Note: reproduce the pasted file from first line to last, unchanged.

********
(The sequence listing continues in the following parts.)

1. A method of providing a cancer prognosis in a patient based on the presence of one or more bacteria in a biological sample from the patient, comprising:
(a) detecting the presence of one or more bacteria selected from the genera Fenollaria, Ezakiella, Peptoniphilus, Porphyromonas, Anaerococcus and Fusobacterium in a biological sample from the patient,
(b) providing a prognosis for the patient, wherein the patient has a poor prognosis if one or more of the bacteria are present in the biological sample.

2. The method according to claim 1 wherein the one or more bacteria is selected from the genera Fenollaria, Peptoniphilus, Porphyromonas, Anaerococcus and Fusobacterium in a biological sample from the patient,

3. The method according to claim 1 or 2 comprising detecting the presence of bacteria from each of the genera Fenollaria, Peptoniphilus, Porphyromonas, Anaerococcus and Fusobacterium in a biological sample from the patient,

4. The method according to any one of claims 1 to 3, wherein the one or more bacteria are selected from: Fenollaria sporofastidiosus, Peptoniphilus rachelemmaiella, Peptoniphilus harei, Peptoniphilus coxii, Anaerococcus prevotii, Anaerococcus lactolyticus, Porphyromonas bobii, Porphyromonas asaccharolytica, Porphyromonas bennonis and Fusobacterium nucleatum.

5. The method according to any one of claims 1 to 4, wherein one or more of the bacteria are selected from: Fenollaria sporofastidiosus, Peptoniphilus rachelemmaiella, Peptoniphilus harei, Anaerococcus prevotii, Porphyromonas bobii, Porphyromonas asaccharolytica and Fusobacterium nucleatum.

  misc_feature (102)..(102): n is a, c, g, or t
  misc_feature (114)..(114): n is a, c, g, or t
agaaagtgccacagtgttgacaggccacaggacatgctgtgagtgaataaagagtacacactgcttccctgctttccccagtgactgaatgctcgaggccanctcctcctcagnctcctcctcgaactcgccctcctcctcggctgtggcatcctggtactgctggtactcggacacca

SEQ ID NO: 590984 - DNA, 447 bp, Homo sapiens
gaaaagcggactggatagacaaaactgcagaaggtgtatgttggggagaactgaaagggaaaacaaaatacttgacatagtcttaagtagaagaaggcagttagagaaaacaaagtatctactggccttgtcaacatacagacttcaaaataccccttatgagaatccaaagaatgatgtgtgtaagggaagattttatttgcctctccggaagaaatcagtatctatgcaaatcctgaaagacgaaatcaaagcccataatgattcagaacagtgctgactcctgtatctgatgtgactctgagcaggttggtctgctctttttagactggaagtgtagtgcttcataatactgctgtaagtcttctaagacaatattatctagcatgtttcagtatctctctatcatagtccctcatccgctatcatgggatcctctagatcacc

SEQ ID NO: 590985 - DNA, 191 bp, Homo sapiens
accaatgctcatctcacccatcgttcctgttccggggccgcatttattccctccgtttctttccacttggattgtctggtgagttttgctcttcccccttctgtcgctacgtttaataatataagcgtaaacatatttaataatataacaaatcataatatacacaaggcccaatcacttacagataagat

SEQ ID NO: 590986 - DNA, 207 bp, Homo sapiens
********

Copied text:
(The sequence listing continues in the following parts.)

1. A method of providing a cancer prognosis in a patient based on the presence of one or more bacteria in a biological sample from the patient, comprising:
(a) detecting the presence of one or more bacteria selected from the genera Fenollaria, Ezakiella, Peptoniphilus, Porphyromonas, Anaerococcus and Fusobacterium in a biological sample from the patient,
(b) providing a prognosis for the patient, wherein the patient has a poor prognosis if one or more of the bacteria are present in the biological sample.

2. The method according to claim 1 wherein the one or more bacteria is selected from the genera Fenollaria, Peptoniphilus, Porphyromonas, Anaerococcus and Fusobacterium in a biological sample from the patient,

3. The method according to claim 1 or 2 comprising detecting the presence of bacteria from each of the genera Fenollaria, Peptoniphilus, Porphyromonas, Anaerococcus and Fusobacterium in a biological sample from the patient,

4. The method according to any one of claims 1 to 3, wherein the one or more bacteria are selected from: Fenollaria sporofastidiosus, Peptoniphilus rachelemmaiella, Peptoniphilus harei, Peptoniphilus coxii, Anaerococcus prevotii, Anaerococcus lactolyticus, Porphyromonas bobii, Porphyromonas asaccharolytica, Porphyromonas bennonis and Fusobacterium nucleatum.

5. The method according to any one of claims 1 to 4, wherein one or more of the bacteria are selected from: Fenollaria sporofastidiosus, Peptoniphilus rachelemmaiella, Peptoniphilus harei, Anaerococcus prevotii, Porphyromonas bobii, Porphyromonas asaccharolytica and Fusobacterium nucleatum.

  misc_feature (102)..(102): n is a, c, g, or t
  misc_feature (114)..(114): n is a, c, g, or t
agaaagtgccacagtgttgacaggccacaggacatgctgtgagtgaataaagagtacacactgcttccctgctttccccagtgactgaatgctcgaggccanctcctcctcagnctcctcctcgaactcgccctcctcctcggctgtggcatcctggtactgctggtactcggacacca

SEQ ID NO: 590984 - DNA, 447 bp, Homo sapiens
gaaaagcggactggatagacaaaactgcagaaggtgtatgttggggagaactgaaagggaaaacaaaatacttgacatagtcttaagtagaagaaggcagttagagaaaacaaagtatctactggccttgtcaacatacagacttcaaaataccccttatgagaatccaaagaatgatgtgtgtaagggaagattttatttgcctctccggaagaaatcagtatctatgcaaatcctgaaagacgaaatcaaagcccataatgattcagaacagtgctgactcctgtatctgatgtgactctgagcaggttggtctgctctttttagactggaagtgtagtgcttcataatactgctgtaagtcttctaagacaatattatctagcatgtttcagtatctctctatcatagtccctcatccgctatcatgggatcctctagatcacc

SEQ ID NO: 590985 - DNA, 191 bp, Homo sapiens
accaatgctcatctcacccatcgttcctgttccggggccgcatttattccctccgtttctttccacttggattgtctggtgagttttgctcttcccccttctgtcgctacgtttaataatataagcgtaaacatatttaataatataacaaatcataatatacacaaggcccaatcacttacagataagat

SEQ ID NO: 590986 - DNA, 207 bp, Homo sapiens